Take the 2-minute tour ×
Stack Overflow is a question and answer site for professional and enthusiast programmers. It's 100% free, no registration required.

I was just going through one of DavidHayden's articles on Hashing User Passwords.

Really I can't get what he is trying to achieve.

Here is his code:

private static string CreateSalt(int size)
{
    //Generate a cryptographic random number.
    RNGCryptoServiceProvider rng = new RNGCryptoServiceProvider();
    byte[] buff = new byte[size];
    rng.GetBytes(buff);

    // Return a Base64 string representation of the random number.
    return Convert.ToBase64String(buff);
}

private static string CreatePasswordHash(string pwd, string salt)
{
    string saltAndPwd = String.Concat(pwd, salt);
    string hashedPwd =
        FormsAuthentication.HashPasswordForStoringInConfigFile(
        saltAndPwd, "sha1");
    return hashedPwd;
}

Is there any other C# method for hashing passwords and adding salt to it?

share|improve this question
4  
What are you not getting here? There is one method for generating the salt and one for hashing a password with a salt. –  Mattias Jakobsson Jan 26 '10 at 9:28
    
@Mattias The below answer is what i understood? Now i got clear... –  Oscar Jan 26 '10 at 9:32
    
here is a library that does the hashing with salt encrypto.codeplex.com –  Omu Sep 14 '10 at 8:35
4  
What should you pass in for the size in the first method to generate salt? –  Shane LeBlanc May 21 '12 at 22:01
3  
Link is broken. –  osmanraifgunes Apr 11 at 15:23

6 Answers 6

up vote 128 down vote accepted

Actually this is kind of strange, with the string conversions - which the membership provider does to put them into config files. Hashes and salts are binary blobs, you don't need to convert them to strings unless you want to put them into text files.

In my book, Beginning ASP.NET Security, (oh finally, an excuse to pimp the book) I do the following

static byte[] GenerateSaltedHash(byte[] plainText, byte[] salt)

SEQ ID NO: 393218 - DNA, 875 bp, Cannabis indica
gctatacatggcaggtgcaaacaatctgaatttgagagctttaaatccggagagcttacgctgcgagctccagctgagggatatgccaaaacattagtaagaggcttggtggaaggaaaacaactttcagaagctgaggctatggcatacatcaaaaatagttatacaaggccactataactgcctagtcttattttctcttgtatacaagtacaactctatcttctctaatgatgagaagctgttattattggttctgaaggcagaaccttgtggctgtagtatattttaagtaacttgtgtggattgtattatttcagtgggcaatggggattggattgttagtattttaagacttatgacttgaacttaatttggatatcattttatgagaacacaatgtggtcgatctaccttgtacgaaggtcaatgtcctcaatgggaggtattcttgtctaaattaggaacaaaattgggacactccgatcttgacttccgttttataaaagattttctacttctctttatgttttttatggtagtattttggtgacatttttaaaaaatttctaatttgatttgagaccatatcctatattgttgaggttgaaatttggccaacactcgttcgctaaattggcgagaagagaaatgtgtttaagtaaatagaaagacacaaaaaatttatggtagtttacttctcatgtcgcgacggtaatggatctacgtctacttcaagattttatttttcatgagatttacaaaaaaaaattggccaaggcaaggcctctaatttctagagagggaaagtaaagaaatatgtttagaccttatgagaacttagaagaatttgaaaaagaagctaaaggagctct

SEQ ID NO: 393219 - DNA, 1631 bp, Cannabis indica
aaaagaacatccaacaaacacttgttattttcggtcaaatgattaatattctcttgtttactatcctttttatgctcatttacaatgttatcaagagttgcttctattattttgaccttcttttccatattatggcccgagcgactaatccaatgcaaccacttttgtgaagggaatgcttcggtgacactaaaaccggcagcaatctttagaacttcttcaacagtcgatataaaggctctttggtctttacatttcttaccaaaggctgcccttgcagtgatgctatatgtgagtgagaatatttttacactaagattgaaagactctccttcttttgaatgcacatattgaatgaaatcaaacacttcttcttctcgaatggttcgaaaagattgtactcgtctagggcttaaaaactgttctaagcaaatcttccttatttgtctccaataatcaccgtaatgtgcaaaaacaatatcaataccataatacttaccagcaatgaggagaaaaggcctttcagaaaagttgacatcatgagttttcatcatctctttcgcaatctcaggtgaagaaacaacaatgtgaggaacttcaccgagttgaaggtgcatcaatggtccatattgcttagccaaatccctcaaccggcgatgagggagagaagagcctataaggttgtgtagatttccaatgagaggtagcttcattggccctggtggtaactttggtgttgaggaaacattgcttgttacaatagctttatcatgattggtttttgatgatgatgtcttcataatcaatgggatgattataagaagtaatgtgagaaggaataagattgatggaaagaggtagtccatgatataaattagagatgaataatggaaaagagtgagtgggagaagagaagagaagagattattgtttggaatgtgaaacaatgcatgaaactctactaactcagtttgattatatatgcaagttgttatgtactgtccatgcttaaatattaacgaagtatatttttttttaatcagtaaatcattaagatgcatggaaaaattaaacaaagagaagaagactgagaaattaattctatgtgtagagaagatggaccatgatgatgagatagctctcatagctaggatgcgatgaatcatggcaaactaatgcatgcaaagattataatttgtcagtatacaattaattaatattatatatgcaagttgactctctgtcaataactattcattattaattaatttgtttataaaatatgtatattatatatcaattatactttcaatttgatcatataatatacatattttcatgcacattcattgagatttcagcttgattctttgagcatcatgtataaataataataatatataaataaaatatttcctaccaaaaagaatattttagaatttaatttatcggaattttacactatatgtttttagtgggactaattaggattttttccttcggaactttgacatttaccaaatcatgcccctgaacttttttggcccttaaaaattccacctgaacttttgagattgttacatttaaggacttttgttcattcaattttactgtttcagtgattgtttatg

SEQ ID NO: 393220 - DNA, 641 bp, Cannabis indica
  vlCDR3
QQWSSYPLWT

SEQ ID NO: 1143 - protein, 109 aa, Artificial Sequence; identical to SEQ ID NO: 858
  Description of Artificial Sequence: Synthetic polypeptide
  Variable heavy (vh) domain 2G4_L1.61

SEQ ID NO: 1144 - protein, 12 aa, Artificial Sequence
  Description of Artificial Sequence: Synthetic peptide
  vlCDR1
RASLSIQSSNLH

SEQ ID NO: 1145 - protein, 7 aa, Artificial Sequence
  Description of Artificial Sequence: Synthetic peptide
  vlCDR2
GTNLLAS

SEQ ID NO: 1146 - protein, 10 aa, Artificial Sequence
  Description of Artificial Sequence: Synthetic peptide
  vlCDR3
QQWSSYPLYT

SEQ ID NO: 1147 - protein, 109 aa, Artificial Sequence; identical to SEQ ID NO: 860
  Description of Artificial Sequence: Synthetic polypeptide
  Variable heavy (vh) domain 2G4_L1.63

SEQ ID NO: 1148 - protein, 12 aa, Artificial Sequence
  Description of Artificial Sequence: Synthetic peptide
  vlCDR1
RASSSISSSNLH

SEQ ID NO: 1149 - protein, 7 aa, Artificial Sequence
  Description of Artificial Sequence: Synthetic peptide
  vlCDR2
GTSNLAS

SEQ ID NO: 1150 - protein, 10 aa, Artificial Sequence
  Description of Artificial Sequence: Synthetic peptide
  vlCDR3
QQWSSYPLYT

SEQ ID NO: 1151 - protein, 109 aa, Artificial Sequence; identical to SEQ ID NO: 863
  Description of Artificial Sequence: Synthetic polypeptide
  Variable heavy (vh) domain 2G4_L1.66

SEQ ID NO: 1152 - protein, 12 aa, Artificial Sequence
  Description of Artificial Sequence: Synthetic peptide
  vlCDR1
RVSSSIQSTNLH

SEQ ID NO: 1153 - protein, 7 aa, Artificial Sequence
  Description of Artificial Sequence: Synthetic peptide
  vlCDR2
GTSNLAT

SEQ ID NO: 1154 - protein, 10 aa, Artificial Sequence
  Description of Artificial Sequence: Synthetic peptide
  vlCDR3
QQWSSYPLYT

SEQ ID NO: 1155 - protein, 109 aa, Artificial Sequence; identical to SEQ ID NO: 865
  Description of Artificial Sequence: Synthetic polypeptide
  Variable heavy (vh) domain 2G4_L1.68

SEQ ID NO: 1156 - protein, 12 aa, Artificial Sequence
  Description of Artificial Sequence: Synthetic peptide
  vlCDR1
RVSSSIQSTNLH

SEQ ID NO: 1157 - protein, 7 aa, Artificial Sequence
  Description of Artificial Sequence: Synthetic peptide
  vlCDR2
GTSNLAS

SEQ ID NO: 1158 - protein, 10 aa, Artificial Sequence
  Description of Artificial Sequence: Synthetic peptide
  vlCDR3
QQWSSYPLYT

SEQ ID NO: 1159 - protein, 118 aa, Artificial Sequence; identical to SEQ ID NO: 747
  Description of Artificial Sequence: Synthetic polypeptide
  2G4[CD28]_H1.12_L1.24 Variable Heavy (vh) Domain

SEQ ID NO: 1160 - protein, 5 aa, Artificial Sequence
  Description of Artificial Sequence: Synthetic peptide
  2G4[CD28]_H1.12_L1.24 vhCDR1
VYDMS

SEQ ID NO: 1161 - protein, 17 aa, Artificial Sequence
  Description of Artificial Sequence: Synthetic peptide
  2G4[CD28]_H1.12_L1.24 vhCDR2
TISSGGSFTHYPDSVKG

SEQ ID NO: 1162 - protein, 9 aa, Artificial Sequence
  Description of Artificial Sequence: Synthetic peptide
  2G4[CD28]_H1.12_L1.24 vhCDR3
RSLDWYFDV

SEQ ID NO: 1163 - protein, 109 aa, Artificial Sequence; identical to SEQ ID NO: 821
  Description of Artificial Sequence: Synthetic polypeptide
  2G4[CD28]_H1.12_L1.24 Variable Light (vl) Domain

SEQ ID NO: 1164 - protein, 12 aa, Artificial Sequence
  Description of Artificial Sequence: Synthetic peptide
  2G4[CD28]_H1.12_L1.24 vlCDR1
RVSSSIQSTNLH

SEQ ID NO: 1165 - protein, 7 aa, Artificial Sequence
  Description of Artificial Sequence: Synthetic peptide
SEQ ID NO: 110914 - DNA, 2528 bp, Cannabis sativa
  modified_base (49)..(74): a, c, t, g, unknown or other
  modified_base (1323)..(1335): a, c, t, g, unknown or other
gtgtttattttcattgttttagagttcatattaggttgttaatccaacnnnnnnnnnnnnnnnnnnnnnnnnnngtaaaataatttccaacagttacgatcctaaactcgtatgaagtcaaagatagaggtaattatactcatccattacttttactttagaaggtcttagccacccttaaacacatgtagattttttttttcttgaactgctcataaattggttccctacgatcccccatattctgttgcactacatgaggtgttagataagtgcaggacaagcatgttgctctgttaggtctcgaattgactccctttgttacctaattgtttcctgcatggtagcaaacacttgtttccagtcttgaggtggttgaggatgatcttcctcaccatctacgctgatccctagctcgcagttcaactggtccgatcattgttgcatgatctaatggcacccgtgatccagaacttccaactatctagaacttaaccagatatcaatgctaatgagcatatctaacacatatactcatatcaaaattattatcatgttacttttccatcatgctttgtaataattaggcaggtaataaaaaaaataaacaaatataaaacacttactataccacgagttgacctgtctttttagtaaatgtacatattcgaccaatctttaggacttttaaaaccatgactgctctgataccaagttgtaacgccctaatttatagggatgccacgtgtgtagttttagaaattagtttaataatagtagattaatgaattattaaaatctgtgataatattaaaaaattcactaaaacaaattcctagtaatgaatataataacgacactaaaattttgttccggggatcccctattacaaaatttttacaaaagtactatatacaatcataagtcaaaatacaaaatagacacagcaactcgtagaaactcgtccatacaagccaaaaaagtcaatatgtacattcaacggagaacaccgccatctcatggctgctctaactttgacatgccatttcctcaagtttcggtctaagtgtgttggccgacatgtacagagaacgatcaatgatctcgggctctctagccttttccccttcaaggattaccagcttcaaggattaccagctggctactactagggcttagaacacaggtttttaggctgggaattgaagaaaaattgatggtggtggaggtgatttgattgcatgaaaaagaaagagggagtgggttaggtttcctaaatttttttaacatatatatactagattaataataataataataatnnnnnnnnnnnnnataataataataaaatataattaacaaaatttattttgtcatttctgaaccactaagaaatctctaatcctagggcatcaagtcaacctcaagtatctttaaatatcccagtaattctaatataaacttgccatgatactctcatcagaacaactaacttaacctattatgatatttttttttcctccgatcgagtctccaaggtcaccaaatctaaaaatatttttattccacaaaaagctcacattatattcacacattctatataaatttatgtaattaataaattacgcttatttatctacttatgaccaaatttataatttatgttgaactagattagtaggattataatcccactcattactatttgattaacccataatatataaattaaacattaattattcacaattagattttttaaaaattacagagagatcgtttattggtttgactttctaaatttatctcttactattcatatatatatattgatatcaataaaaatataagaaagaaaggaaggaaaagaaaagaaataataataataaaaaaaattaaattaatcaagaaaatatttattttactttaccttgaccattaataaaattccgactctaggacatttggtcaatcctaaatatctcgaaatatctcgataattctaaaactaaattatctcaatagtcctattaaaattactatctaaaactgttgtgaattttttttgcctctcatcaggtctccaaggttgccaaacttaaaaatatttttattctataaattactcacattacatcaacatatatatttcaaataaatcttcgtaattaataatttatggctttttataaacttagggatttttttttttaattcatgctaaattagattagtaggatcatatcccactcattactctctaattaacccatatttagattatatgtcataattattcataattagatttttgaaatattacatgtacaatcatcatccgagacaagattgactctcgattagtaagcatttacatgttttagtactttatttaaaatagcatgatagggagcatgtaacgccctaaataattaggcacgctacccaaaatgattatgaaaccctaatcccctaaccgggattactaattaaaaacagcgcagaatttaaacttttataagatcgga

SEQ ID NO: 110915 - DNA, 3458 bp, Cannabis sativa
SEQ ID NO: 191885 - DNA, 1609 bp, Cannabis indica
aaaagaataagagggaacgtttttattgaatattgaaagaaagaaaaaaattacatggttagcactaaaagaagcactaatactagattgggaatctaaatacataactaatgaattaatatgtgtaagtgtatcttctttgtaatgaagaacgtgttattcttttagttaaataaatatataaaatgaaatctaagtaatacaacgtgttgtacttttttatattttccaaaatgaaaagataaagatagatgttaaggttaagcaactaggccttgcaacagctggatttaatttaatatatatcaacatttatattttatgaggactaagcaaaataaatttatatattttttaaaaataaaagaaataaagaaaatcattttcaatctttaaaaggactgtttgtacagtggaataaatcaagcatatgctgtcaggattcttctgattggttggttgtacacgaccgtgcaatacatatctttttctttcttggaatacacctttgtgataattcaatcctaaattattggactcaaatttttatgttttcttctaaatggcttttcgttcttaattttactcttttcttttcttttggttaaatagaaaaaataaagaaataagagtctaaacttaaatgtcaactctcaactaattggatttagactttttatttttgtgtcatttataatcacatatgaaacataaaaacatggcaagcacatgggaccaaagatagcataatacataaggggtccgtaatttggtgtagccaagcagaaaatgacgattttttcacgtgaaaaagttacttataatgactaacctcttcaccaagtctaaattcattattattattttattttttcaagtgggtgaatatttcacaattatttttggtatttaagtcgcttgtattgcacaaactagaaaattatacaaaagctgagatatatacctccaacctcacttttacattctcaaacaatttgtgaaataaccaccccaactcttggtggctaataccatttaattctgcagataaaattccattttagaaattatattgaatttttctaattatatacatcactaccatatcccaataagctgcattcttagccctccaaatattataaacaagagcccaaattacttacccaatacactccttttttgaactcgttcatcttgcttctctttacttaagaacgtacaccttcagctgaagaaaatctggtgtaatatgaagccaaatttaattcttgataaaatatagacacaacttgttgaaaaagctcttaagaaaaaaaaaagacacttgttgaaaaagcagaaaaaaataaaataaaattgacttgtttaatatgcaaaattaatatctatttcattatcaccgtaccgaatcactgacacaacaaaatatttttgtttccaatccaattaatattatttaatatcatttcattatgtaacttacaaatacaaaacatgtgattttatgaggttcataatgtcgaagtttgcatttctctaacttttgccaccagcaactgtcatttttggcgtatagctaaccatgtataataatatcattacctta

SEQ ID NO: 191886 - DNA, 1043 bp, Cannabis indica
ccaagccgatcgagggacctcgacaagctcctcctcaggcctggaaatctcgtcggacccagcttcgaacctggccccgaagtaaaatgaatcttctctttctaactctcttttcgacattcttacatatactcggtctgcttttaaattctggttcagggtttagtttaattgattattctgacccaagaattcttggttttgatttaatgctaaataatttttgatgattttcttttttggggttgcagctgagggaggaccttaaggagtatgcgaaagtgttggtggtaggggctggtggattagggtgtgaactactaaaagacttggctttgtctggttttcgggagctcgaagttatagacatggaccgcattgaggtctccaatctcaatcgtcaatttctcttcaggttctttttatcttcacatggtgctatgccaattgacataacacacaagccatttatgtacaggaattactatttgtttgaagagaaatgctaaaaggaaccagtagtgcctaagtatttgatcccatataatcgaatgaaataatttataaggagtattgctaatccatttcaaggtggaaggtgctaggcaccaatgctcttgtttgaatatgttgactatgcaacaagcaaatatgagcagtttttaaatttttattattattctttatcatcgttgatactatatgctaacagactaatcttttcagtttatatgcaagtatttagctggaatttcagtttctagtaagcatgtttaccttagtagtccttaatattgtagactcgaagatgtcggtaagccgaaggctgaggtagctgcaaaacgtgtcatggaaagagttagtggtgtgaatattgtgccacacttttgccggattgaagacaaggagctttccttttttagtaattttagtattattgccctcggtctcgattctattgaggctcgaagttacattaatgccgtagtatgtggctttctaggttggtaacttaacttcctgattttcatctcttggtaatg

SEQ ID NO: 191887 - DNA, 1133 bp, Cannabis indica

{
  HashAlgorithm algorithm = new SHA256Managed();

  byte[] plainTextWithSaltBytes = 
    new byte[plainText.Length + salt.Length];

  for (int i = 0; i < plainText.Length; i++)
  {
    plainTextWithSaltBytes[i] = plainText[i];
  }
  for (int i = 0; i < salt.Length; i++)
  {
    plainTextWithSaltBytes[plainText.Length + i] = salt[i];
  }

  return algorithm.ComputeHash(plainTextWithSaltBytes);            
}

The salt generation is as the example in the question. You can convert text to byte arrays using Encoding.UTF8.GetBytes(string). If you must convert a hash to its string representation you can use Convert.ToBase64String and Convert.FromBase64String to convert it back.

You should note that you cannot use the equality operator on byte arrays, it checks references and so you should simply loop through both arrays checking each byte thus

public static bool CompareByteArrays(byte[] array1, byte[] array2)
{
  if (array1.Length != array2.Length)
  {
    return false;
  }

  for (int i = 0; i < array1.Length; i++)
  {
    if (array1[i] != array2[i])
    {
      return false;
    }
  }

  return true;
}

Always use a new salt per password. Salts do not have to be kept secret and can be stored alongside the hash itself.

share|improve this answer
57  
+1 for your book pimping! ;-) –  PhilPursglove Jan 26 '10 at 10:01
3  
Thanks for this advice - really helped get me started. I also came across this link < dijksterhuis.org/creating-salted-hash-values-in-c > which I found was good practical advice and mirrors much of what was said in this post –  Alex P Jul 15 '10 at 9:29
15  
nifty LINQ statement refactor for CompareByteArrays return array1.Length == array2.Length && !array1.Where((t, i) => t != array2[i]).Any(); –  hunter Oct 10 '10 at 19:50
6  
@Brettski Technically, yes, but having a **unique** salt for each user renders Rainbow Tables (generally accepted as the most efficient way to crack hashed passwords) practically useless. This is a quick oveview gives a in-depth but not overwhelming overview of how to store passwords securely, and why/how it all works. –  Nex Terren Sep 15 '12 at 20:38
3  
-1 for using a fast hash-function. Use a slow construction like PBKDF2, bcrypt or scrypt. –  CodesInChaos Aug 16 '13 at 16:01

This is how I do it.. I create the hash and store it using the ProtectedData api:

    public static string GenerateKeyHash(string Password)